|By Carolyn (Carolyn) on Wednesday, September 03, 2003 - 11:24 am: Edit|
This week's U.S. News & World Report has a special section on paying for college. The section lists the schools where students graduate with the most and least debt from student loans.
Most Debt - Pepperdine, 67% have debt upon graduation with an average amount of $33,649. Pepperdine is followed closely by Worcester Polytechnic Inst., where 81% graduate with an average debt of $25,609. Others on the list: Notre Dame, University of San Diego, University of Miami, RPI, University of North Dakota, Vanderbilt, New School University (NY), George Washington U, University of Oregon, and the University of Hartford.
For Liberal Arts Schools, University of Puget Sound tops the list with 59% graduating with an average debt of $24,272. Wesleyan is second with 40% graduating with an average debt of $23,377. Other schools on the list: Albright College (PA), Whittier (CA), Austin College (TX), ST. Lawrence University, Middlebury, Allegany, Ohio Wesleyan, Pitzer, Seton Hill, Kenyon, University of Dallas.
Some of these schools - like Pepperdine - offer high percentages of need based aid but obviously much of that aid can be assumed to be based on loans.
Which schools do students graduate from with the smallest debt? Try Texas A&M University-Commerce, where 40% of students graduate with debt but the average debt is only $5182. Others low debt universities: University of Texas - El Paso, University of South Alabama, CIT, University of Mass - Boston, Harvard, Princeton, Uof NC - Chapel Hill, Rice, University of Houston, San Diego State University, UC Riverside.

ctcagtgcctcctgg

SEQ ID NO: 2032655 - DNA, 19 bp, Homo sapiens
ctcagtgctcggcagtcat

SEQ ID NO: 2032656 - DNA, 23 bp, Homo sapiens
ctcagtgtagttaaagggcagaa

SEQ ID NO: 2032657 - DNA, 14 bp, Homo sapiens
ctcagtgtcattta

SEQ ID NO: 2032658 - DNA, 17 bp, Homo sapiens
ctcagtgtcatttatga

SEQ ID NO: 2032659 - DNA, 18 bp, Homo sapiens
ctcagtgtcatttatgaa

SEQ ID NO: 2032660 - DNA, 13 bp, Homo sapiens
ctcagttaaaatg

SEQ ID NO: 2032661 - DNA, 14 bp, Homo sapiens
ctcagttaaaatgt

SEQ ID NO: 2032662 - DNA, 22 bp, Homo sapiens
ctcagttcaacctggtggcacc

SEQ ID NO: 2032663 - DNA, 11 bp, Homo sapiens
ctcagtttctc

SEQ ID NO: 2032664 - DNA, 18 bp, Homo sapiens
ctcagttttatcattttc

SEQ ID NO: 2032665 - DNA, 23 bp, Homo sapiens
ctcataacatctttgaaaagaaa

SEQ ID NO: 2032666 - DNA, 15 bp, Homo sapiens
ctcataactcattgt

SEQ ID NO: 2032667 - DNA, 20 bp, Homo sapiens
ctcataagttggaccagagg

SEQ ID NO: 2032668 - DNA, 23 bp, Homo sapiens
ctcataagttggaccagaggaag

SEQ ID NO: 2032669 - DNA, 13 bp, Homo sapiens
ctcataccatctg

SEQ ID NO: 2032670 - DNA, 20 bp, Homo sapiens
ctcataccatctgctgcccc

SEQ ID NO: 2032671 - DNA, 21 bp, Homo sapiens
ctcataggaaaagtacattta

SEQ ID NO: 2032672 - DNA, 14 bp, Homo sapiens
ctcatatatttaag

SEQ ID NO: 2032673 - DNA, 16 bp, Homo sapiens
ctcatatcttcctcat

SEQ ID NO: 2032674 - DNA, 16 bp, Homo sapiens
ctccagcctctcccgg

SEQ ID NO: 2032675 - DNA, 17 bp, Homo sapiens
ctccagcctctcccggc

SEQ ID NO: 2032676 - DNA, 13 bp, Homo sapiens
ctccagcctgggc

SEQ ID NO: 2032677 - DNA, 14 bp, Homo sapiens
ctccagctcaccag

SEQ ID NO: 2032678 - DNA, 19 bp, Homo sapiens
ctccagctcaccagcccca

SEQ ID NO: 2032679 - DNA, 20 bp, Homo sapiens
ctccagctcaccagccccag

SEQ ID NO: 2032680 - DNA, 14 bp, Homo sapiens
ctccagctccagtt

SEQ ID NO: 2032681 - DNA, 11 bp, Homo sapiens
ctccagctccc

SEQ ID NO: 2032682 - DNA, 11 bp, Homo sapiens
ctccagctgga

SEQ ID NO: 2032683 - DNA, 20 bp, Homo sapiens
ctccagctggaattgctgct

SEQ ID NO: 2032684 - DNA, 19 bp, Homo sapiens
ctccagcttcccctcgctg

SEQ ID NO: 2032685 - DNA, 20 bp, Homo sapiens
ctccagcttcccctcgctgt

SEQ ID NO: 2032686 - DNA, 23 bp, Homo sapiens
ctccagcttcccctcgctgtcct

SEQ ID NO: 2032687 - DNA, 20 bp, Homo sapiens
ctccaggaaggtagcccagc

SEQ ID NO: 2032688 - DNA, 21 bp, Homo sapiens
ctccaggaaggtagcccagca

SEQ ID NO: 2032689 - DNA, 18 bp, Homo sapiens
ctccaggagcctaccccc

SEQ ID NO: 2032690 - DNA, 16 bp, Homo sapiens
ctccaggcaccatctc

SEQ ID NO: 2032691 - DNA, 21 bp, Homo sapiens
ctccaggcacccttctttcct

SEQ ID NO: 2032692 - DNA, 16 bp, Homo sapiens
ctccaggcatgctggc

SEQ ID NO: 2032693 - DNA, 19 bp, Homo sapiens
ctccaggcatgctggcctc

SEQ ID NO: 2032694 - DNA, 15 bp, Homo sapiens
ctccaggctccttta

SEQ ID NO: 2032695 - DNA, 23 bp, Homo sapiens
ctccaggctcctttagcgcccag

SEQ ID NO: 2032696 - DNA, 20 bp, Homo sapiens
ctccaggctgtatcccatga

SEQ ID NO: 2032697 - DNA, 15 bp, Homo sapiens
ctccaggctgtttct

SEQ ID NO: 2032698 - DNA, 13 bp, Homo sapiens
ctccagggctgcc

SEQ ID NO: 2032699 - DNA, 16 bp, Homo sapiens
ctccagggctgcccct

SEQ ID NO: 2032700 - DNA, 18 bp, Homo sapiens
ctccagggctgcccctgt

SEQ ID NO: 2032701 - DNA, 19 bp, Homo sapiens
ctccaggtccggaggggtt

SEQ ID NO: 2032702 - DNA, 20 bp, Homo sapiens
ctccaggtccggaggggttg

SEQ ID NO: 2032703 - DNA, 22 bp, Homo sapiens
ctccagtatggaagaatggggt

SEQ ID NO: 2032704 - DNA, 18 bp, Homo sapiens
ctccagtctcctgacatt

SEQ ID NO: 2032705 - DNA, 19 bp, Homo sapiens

For LACs - lowest indebted students include:
Principia College (average debt $8026), Amherst, Millsaps, Hanover, Lyon, Wofford, University of the South, Williams, Swarthmore, Scripps
|By Magenta (Magenta) on Wednesday, September 03, 2003 - 09:12 pm: Edit|
Are these stats just for student debt or for student AND parent debt as don't a lot of parents take out loans for their children's education? Even if they are including parent loans, though, this won't tell the whole story as many parents have the money to pay for high tuitions, but it is still setting the family back X dollars. I'd be curious to see a chart listing how much (both in actual dollars and as a percentage of total college costs) the schools average for areas like money earned for tuition through work programs, merit versus athletic and other scholarship funding (and I realize the Ivy colleges other than maybe Princeton have *no* merit scholarships), tuition paid by parents, tuition paid by scholarships outside the college (like Coke or Intel, etc.), tuition paid by student outside of the campus arranged funding, etc. That would be a more meaningful thing to see, seems to me. The amount of student debt alone doesn't necessarily mean much as it could just be low due to parents kicking in more so their kids aren't as weighed down by debt at graduation; that reflects more on the parents with students at certain colleges than the colleges themselves.
|By Carolyn (Carolyn) on Thursday, September 04, 2003 - 02:25 pm: Edit|
The list I gave - from US News & World Report's issue this week - only listed STUDENT debt. You're absoultely right - parents off take out home equity loans, etc. to fill in the gap. I think the student loan number is useful because it suggests how much of "need based financial aid" each school offers is going to be based on student loans. For example, Pepperdine offers a high percentage of need based aid but also has high $$ amount of average student loans, suggesting that if you're applying for aid there, that's what they'll offer instead of grants.
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